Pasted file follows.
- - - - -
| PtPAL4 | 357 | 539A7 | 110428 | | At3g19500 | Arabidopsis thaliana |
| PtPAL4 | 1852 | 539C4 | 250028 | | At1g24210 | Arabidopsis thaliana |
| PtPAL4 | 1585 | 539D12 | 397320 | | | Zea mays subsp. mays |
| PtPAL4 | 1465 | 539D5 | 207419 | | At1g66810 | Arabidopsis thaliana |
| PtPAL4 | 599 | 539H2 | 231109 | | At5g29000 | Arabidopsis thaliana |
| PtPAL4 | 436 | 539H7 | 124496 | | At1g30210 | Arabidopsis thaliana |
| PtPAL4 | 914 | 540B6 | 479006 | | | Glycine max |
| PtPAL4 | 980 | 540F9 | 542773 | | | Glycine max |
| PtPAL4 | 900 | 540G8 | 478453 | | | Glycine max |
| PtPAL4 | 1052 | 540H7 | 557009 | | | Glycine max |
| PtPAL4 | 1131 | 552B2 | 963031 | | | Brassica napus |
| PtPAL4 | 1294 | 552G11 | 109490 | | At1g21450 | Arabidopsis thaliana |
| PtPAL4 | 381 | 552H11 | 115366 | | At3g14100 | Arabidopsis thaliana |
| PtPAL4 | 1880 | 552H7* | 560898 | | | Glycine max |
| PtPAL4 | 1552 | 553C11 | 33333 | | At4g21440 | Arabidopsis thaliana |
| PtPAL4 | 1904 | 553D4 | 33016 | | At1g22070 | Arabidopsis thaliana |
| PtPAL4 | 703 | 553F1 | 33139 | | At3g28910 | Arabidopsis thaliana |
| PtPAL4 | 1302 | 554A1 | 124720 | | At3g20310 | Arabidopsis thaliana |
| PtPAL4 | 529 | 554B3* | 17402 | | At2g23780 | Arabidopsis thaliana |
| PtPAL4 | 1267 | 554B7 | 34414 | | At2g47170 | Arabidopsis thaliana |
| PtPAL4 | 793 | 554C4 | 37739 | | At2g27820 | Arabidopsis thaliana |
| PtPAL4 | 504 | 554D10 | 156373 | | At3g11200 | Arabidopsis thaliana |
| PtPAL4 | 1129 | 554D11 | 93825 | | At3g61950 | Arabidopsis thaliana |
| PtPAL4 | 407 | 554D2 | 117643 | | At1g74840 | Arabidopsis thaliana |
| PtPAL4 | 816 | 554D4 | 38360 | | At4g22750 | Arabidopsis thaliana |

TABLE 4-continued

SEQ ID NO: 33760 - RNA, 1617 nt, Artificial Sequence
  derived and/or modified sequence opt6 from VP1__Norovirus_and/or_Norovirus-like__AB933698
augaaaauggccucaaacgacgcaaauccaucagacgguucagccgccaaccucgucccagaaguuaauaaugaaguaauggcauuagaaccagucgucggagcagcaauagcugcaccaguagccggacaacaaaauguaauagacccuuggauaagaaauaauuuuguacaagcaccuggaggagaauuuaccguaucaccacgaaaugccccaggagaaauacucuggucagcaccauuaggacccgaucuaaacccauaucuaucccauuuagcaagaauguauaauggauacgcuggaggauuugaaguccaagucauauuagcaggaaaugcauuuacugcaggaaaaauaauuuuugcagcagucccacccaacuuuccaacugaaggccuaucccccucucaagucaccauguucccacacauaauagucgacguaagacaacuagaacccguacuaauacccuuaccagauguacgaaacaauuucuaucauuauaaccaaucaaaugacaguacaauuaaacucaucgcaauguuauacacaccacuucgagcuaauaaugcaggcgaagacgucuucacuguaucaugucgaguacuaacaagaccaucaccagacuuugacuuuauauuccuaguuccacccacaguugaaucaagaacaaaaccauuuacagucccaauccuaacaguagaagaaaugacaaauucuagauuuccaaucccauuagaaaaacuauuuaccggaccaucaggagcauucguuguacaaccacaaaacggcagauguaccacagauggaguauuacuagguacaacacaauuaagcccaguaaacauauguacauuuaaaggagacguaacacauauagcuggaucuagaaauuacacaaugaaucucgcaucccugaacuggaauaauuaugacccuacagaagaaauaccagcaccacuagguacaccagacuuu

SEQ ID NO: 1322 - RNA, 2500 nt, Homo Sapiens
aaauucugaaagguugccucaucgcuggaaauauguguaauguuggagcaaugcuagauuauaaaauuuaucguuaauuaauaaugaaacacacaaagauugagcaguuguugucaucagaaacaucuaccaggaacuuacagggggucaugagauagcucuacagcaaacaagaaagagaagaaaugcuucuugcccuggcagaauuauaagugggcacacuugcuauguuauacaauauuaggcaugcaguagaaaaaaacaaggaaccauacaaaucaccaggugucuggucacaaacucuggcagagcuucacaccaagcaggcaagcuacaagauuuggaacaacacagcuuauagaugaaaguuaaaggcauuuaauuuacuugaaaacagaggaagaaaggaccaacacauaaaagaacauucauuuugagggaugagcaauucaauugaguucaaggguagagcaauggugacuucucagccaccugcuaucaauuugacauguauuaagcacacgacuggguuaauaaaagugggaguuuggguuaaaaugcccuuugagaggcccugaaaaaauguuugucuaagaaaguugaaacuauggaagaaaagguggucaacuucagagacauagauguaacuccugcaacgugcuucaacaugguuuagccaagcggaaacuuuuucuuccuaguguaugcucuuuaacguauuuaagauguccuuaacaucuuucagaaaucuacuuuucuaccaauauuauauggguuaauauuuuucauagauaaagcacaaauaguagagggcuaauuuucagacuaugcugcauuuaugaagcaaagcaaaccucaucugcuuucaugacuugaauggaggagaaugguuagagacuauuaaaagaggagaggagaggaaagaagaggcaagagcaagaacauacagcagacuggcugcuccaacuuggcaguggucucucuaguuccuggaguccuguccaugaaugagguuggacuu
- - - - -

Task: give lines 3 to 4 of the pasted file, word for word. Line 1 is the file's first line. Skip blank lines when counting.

| PtPAL4 | 1585 | 539D12 | 397320 | | | Zea mays subsp. mays |
| PtPAL4 | 1465 | 539D5 | 207419 | | At1g66810 | Arabidopsis thaliana |